The citizen. (Honesdale, Pa.) 1908-1914, April 30, 1909, Image 3

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How the Girls and Boys
Would Arrange Them.
Suggestions by the Children as to
the Host War to Make Them
Attractive Competitive
The new building as well as the
old one would look very fine if ivy
was planted along the foot of the
building so it could grow up tho
The walks should be made of
concrete or have a flag walk. I
think this is better, because if a
gravel or ground walk was made it
would be muddy in wet weather,
which would be carted into the school
by the pupils and make a very dirty
The grounds should be converted
Into a nice lawn because there will
be a play room and gymnaBlum
which will be plenty large enough.
If a large flower bed was placed about
five yards from the door on Church
street, and two smaller ones about
five yards from the center one were
placed one on each side of it it
would improve the beauty of the
grounds. The walks could be placed
so as to run out as far as the large
flower bed, then branch off into two
branches, one on each side, so as to
meet on the other side of the bed
and continue to the sidewalk. On
Court street this could be done
also, but on a smaller scale. A few
trees on the sides of the building
would make shade. Also a few on
the grounds on Court street, and
Church street, would make plenty
of shade. The alley way between
the old brick building and the church
could be used for a quoit ground.
Also the alley between the old
brick building and the house on
Court street could be used for the
same purpose.
Note. Daniel's essay is accom
panied by a neatly drawn diagram
of his plan, which we regret our In
ability to reproduce. Ed. Citizen.
It would be a great improvement
on the new school house and grounds
to have the old buildings, that are
near it taken away and then have
about two-thirds of the ground sown
with grass seed, and the other third
gravelled, and rolled solid enough
to be used as a play-ground. That
will make a plenty large enough
play ground, as there will be a gym
nasium under the school house,
which will very likely be used the
greater part of the play hours.
Concrete walks would be more
substantial than gravel walks; but
I think gravel walks would look the
nicest; and they could be made
from the stone walks along the
street to the different doors of the
school house, and to have some run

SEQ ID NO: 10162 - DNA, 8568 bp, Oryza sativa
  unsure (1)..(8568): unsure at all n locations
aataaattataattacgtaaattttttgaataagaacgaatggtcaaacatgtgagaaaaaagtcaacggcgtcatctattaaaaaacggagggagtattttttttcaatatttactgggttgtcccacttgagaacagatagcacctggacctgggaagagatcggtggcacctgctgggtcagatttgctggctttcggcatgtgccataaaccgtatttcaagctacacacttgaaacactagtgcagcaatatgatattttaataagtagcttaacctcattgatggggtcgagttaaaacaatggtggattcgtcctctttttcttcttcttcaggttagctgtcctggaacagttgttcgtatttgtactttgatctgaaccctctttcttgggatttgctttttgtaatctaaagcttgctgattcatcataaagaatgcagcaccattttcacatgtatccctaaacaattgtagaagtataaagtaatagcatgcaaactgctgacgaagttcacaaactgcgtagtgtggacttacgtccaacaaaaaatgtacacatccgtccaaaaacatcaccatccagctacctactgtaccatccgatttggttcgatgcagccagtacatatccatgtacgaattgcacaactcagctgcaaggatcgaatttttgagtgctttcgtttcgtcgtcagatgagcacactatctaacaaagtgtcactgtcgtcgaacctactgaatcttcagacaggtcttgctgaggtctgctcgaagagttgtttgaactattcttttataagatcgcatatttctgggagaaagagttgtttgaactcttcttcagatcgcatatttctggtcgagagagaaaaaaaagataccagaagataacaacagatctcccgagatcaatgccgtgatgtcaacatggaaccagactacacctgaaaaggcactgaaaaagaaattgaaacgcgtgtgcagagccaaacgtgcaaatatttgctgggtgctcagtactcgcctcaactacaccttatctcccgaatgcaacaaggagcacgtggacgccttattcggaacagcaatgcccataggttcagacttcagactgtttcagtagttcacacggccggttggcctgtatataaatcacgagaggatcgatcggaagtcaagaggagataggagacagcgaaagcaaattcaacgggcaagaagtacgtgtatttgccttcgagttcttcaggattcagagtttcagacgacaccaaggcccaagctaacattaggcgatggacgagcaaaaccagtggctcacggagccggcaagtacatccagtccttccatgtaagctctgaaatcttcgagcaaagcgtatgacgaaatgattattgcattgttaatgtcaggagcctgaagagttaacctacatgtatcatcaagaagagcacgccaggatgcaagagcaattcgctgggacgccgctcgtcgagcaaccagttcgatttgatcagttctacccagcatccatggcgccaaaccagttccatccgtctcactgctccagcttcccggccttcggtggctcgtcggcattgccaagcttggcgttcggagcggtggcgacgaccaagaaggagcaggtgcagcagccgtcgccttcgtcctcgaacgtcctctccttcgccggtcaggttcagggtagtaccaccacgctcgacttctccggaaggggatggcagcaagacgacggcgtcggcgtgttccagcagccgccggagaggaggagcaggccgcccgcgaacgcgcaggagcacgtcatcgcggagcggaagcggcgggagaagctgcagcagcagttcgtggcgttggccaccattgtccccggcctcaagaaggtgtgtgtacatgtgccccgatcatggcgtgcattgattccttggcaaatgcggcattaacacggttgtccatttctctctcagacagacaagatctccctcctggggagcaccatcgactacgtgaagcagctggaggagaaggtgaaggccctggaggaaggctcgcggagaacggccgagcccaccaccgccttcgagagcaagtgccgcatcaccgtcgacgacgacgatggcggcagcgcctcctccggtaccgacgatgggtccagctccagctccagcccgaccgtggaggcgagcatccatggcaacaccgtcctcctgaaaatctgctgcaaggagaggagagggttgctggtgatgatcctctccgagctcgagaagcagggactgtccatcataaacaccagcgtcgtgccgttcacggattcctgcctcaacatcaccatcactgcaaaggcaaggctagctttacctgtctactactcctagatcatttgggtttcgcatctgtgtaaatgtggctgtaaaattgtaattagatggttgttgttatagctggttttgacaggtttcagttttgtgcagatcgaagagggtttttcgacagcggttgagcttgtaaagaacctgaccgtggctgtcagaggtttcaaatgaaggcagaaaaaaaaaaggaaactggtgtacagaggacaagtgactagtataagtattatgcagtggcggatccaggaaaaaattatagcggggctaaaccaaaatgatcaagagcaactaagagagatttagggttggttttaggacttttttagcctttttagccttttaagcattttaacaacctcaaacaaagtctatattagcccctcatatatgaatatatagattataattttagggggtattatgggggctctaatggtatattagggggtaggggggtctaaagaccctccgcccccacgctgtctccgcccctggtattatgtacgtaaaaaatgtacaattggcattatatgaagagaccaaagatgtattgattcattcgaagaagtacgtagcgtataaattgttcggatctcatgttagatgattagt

ning through different parts of the
yard would be nice.
It would be nice to have a foun
tain in the front yard and walks
leading up to it and flowers planted
around It. And flowers beds In the
shape of stars and half-moons, and
many other shapes, would look beau
tiful, if planted in different parts of
the yard.
Shade trees, such as maples,
bass wood, and some others, would
look beautiful, and be useful as
shade, if planted along the walks in
front and back of the school-house,
and along the walks that will lead
up to the doors; and it would be
very nice, also, to have some
planted for shade, in the play-ground.
To have ivy climbing up the walls
that would look the barest would
also be a great Improvement; but
to have too much would not look
well, and might grow over the win
dows so that the sun could not shine
As It will be too dark to plant
flowers or grass seed between tho
Methodist church and the old brick
building, it would be nice to erect
an arbor between them, and have
Ivy climbing over it, and the walls
underneath it; and I think that af
ter the new building and the
grounds are finished according to
the plan I have given, It will be a
very beautiful place.
I think it would be very nice to
have an Ivy vine growing all over the
building, and in the front to have
a large lawn on both sides with a
fountain on each side; and have it
surrounded with flowers. Also have
a wide, connected walk in front,
leading to the entrance of the High
School building, with a few benches
on both sides of the walk, and a
few trees where the benches are,
so that it may be shady and a little
cooler when you would wish to sit
down to have a little rest. And on
the side towards Tenth street to
have some nlco flowers on the side.
You would not want to have any
trees on that side, because It would
make it too shady for the flowers
to grow. For tho back part of tho
building I think It would bo nlco to
have somo gravel, and also have a
couple of Maple trees growing. Be
tween the oldest school and tho
church to havo a little lawn and a
couple of benches, because It would
be too shady for flowers,
There are tbree tools that are being
used in Missouri and elsewhere in- keep
ing the dirt roads in good condition) the
grader, the drag and the harrow. The
grader, costing from two hundred to five
hundred dollars, is used in rolling up
the roads. This is done or at least should
be done in the sorine of the year. If
the roads are graded in the fall they get
terribly cut up by the travel after the
rains in the late fall and sometimes be
come almost impassable. To say the